*This post has been updated to reflect the coding guidelines for FY 2023.*
The Coding Challenge
A 29-year-old male is admitted for treatment of heatstroke after playing volleyball on the beach for many hours. The final diagnosis is heatstroke and SIRS with acute kidney failure. Assign for ICD-10-CM.
A. R65.11, T67.01XA, N18.9
B. T67.01XA, A41.9, N17.8
C. R65.10, N17.9, T67.01XA
D. T67.01XA, R65.11, N17.9
D. T67.01XA, R65.11, N17.9
The diagnoses are specified as heatstroke and SIRS with acute kidney failure. SIRS stands for systemic inflammatory response syndrome. Heatstroke is a serious matter that can lead to SIRS and organ dysfunction. It can even be fatal. You can learn more about this at the bottom of this post.
Locate and Verify
To locate heatstroke in the ICD-10-CM coding manual, look up Heat (effects)/stroke T67.01. When we go to this code in the Tabular, we can see that there is a 7th character required for T67.01 to indicate the episode of care. The patient is receiving active treatment and is being seen for an initial encounter. Therefore, we should assign T67.01XA (Heatstroke and sunstroke, initial encounter).
According to the ICD-10-CM Official Guidelines for Coding and Reporting:
“7th character “A,” initial encounter is used for each encounter where the patient is receiving active treatment for the condition. 7th character “D” subsequent encounter is used for encounters after the patient has completed active treatment of the condition and is receiving routine care for the condition during the healing or recovery phase. 7th character “S,” sequela, is for use for complications or conditions that arise as a direct result of a condition, such as scar formation after a burn. The scars are sequelae of the burn.”
Inclusion terms listed under T67.01 (Heatstroke and sunstroke) are:
- Heat apoplexy
- Heat pyrexia
There is also a “use additional” note indicating that we need to assign a code to identify any associated complications of heatstroke, such as:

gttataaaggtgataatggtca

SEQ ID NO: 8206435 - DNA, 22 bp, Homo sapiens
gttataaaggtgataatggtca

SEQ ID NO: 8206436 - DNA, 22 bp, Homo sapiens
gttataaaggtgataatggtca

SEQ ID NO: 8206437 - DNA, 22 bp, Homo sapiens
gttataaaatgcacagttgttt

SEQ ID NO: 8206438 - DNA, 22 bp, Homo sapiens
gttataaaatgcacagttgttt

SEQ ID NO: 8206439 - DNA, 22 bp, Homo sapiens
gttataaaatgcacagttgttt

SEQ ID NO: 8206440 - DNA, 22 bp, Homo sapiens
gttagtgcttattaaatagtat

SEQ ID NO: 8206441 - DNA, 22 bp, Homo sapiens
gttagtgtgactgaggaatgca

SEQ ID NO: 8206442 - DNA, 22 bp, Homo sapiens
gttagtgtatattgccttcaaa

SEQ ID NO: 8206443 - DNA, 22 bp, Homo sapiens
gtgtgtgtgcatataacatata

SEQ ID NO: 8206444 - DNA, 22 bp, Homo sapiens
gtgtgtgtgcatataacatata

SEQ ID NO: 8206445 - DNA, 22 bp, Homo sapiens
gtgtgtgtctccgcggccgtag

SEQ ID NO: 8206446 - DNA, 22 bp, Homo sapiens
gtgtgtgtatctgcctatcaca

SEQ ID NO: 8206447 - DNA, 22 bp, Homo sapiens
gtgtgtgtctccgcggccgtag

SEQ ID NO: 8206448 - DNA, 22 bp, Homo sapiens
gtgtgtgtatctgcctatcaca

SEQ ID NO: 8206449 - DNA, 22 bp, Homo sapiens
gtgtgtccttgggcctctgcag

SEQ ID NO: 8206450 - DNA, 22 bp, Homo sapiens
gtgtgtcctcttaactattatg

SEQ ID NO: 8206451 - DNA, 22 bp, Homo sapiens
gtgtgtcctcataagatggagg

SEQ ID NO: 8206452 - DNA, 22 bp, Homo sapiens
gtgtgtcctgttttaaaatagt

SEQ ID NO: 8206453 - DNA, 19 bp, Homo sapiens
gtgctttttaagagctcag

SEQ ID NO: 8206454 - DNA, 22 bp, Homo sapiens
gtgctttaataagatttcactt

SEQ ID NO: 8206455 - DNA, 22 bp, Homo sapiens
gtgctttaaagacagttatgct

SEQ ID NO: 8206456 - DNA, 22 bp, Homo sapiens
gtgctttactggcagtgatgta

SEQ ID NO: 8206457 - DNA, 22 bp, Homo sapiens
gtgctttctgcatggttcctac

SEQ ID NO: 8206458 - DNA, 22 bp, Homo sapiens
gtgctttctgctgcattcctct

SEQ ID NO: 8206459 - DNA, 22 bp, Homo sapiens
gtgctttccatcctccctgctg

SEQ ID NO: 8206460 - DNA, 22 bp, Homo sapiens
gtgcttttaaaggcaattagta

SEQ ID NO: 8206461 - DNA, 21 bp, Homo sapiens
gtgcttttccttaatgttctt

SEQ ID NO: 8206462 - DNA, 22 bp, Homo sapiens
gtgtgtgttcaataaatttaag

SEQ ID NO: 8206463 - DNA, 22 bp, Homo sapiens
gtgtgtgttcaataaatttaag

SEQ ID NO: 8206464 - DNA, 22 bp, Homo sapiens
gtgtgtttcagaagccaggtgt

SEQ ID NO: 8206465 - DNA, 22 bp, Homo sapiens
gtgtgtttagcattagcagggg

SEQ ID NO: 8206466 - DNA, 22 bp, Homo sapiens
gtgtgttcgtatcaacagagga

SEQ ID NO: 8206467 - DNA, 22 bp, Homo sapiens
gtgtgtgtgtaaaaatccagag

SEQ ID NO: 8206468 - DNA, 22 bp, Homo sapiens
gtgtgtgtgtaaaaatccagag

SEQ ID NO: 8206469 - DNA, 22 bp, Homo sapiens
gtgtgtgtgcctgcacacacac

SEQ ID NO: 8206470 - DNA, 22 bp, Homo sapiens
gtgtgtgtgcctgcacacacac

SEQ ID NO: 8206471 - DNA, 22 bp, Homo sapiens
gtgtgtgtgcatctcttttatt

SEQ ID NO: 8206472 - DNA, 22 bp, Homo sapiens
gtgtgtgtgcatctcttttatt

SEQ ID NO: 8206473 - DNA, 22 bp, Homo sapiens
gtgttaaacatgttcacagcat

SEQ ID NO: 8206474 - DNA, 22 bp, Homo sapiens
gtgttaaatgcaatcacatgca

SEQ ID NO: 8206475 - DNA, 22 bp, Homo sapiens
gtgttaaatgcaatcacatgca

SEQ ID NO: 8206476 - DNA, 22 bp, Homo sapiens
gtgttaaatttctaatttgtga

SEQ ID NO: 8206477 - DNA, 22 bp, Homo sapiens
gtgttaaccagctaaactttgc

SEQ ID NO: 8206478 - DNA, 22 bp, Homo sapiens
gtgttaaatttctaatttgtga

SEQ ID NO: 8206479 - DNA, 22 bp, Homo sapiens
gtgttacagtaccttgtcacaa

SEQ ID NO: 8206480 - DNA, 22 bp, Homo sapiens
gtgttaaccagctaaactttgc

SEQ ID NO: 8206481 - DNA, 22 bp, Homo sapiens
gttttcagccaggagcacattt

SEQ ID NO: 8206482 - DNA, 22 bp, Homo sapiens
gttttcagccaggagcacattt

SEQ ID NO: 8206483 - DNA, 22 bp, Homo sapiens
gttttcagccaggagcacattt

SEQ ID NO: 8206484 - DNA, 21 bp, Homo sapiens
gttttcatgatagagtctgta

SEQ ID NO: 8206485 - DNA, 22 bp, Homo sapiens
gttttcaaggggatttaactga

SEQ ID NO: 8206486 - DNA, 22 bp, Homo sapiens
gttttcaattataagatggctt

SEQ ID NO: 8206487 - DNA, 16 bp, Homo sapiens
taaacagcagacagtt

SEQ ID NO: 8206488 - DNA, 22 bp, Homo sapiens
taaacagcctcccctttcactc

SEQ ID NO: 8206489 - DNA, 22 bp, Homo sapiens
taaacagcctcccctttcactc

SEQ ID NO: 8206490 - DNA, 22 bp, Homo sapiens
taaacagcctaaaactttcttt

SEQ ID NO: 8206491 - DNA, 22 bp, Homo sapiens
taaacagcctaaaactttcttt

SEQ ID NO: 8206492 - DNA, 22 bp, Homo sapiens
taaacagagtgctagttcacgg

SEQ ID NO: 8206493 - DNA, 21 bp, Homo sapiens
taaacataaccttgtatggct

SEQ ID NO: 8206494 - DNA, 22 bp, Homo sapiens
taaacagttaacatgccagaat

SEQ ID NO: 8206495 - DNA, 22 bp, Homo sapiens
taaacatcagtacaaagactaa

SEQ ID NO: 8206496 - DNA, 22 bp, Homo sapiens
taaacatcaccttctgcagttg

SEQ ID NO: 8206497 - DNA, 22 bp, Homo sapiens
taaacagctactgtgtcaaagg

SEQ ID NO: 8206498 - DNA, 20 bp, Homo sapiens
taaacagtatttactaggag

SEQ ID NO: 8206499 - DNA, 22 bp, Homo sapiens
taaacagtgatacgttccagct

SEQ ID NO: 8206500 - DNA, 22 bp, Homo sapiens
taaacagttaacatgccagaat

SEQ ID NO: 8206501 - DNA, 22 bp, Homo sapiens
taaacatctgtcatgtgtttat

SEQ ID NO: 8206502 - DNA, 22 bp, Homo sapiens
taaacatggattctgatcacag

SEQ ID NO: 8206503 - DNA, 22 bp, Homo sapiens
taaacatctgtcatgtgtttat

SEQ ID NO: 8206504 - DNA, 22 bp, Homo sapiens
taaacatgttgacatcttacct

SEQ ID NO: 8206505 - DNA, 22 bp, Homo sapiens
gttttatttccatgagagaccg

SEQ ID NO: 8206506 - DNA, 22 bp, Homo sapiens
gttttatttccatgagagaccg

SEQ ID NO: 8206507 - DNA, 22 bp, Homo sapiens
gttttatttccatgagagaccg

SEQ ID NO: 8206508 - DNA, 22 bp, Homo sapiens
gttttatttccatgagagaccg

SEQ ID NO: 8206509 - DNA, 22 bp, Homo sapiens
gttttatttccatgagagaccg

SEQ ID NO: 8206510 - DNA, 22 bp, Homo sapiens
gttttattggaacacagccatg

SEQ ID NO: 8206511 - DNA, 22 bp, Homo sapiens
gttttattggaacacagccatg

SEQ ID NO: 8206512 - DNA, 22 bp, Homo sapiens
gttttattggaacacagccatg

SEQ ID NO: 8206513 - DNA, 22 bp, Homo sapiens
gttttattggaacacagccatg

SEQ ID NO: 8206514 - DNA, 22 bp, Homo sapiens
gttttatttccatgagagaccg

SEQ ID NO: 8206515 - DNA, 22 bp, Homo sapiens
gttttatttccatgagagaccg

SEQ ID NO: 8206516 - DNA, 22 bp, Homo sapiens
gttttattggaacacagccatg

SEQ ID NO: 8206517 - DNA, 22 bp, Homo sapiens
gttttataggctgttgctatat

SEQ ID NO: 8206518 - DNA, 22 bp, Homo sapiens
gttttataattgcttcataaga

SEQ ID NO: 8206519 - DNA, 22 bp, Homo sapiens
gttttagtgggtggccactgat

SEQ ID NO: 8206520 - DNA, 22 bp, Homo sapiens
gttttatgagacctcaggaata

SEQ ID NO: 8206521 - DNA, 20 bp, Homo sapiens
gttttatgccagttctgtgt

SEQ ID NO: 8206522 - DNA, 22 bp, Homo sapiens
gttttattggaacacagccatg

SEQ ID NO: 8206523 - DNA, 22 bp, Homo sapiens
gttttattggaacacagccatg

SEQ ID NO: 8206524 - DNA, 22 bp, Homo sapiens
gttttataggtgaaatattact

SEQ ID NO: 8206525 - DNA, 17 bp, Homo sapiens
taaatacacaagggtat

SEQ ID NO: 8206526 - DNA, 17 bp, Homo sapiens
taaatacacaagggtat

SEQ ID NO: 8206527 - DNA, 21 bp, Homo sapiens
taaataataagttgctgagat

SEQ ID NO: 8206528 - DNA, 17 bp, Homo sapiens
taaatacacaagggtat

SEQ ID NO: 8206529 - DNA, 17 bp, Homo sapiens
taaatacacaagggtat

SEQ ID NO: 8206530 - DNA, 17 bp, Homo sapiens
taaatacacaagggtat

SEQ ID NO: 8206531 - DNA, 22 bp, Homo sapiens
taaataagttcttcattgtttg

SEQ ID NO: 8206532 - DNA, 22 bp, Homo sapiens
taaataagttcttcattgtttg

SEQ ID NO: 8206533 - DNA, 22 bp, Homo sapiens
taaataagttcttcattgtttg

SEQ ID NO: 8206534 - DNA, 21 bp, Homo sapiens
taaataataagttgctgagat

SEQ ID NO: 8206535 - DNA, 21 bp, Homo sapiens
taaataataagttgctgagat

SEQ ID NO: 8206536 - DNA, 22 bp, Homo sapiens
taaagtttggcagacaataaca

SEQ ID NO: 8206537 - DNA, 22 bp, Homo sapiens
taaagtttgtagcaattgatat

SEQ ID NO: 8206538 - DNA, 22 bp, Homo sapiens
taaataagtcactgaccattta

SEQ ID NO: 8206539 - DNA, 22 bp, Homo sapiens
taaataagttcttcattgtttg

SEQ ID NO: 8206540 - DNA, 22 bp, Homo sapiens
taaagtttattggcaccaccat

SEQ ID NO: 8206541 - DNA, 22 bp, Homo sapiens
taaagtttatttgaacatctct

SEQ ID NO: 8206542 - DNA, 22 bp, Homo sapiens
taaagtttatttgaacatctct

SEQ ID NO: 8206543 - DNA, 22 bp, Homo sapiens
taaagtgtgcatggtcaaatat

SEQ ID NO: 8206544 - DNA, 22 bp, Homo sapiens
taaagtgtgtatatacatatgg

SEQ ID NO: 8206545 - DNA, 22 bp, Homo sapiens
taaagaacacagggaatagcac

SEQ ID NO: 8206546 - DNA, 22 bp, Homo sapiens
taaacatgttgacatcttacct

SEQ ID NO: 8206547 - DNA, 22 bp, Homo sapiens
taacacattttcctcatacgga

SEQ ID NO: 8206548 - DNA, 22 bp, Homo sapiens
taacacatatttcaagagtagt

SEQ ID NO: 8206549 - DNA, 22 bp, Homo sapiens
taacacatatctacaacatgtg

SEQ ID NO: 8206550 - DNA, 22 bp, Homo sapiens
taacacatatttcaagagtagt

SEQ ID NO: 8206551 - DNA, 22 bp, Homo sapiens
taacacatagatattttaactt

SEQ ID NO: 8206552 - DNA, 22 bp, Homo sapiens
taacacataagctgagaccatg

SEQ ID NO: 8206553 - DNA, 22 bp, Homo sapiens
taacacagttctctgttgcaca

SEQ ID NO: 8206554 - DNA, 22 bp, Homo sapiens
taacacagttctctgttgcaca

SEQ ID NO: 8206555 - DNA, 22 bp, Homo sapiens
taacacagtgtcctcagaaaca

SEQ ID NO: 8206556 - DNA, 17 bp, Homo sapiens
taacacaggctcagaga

- coma and stupor (R40.-)
- rhabdomyolysis (M62.82)
- systemic inflammatory response syndrome (R65.1-)
Note that systemic inflammatory response syndrome, or SIRS, is one of the diagnoses provided in this coding scenario.
Looking up R65.1- in the Tabular, there are two codes listed, which include:
- R65.10 SIRS of non-infectious origin without acute organ dysfunction
- R65.11 SIRS of non-infectious origin with acute organ dysfunction
The correct code is:
R65.11, Systemic inflammatory response syndrome (SIRS) of non-infectious origin with acute organ dysfunction
A “Use additional” note instructs the coder to code to identify specific acute organ dysfunction, such as:
- acute kidney failure (N17.-)
- acute respiratory failure (J96.0-)
- critical illness myopathy (G72.81)
- critical illness polyneuropathy (G62.81)
- disseminated intravascular coagulopathy [DIC]
- encephalopathy (metabolic) (septic) (G93.41)
- hepatic failure (K72.0-)
The documentation provides a diagnosis of acute kidney failure, which is acute organ dysfunction. The coder should go to N17.- in the Tabular.
Acute Kidney Failure (N17.-)
The note at R65.11 instructs us to to N17.- in the Tabular. When looking at our code options there, we can see the correct code is:
N17.9 – Acute kidney failure, unspecified
Acute kidney injury (nontraumatic)
A note at N17 states, “Code Also” associated underying condition.
There is a guideline that helps us with sequencing of these codes:
According to the ICD-10-CM coding guidelines, “When SIRS is documented with a noninfectious condition, and no subsequent infection is documented, the code for the underlying condition, such as an injury, should be assigned, followed by code R65.10, Systemic inflammatory response syndrome (SIRS) of non-infectious origin without acute organ dysfunction, or code R65.11, Systemic inflammatory response syndrome
(SIRS) of non-infectious origin with acute organ dysfunction. If an associated
acute organ dysfunction is documented, the appropriate code(s) for the specific
type of organ dysfunction(s) should be assigned in addition to code R65.11.”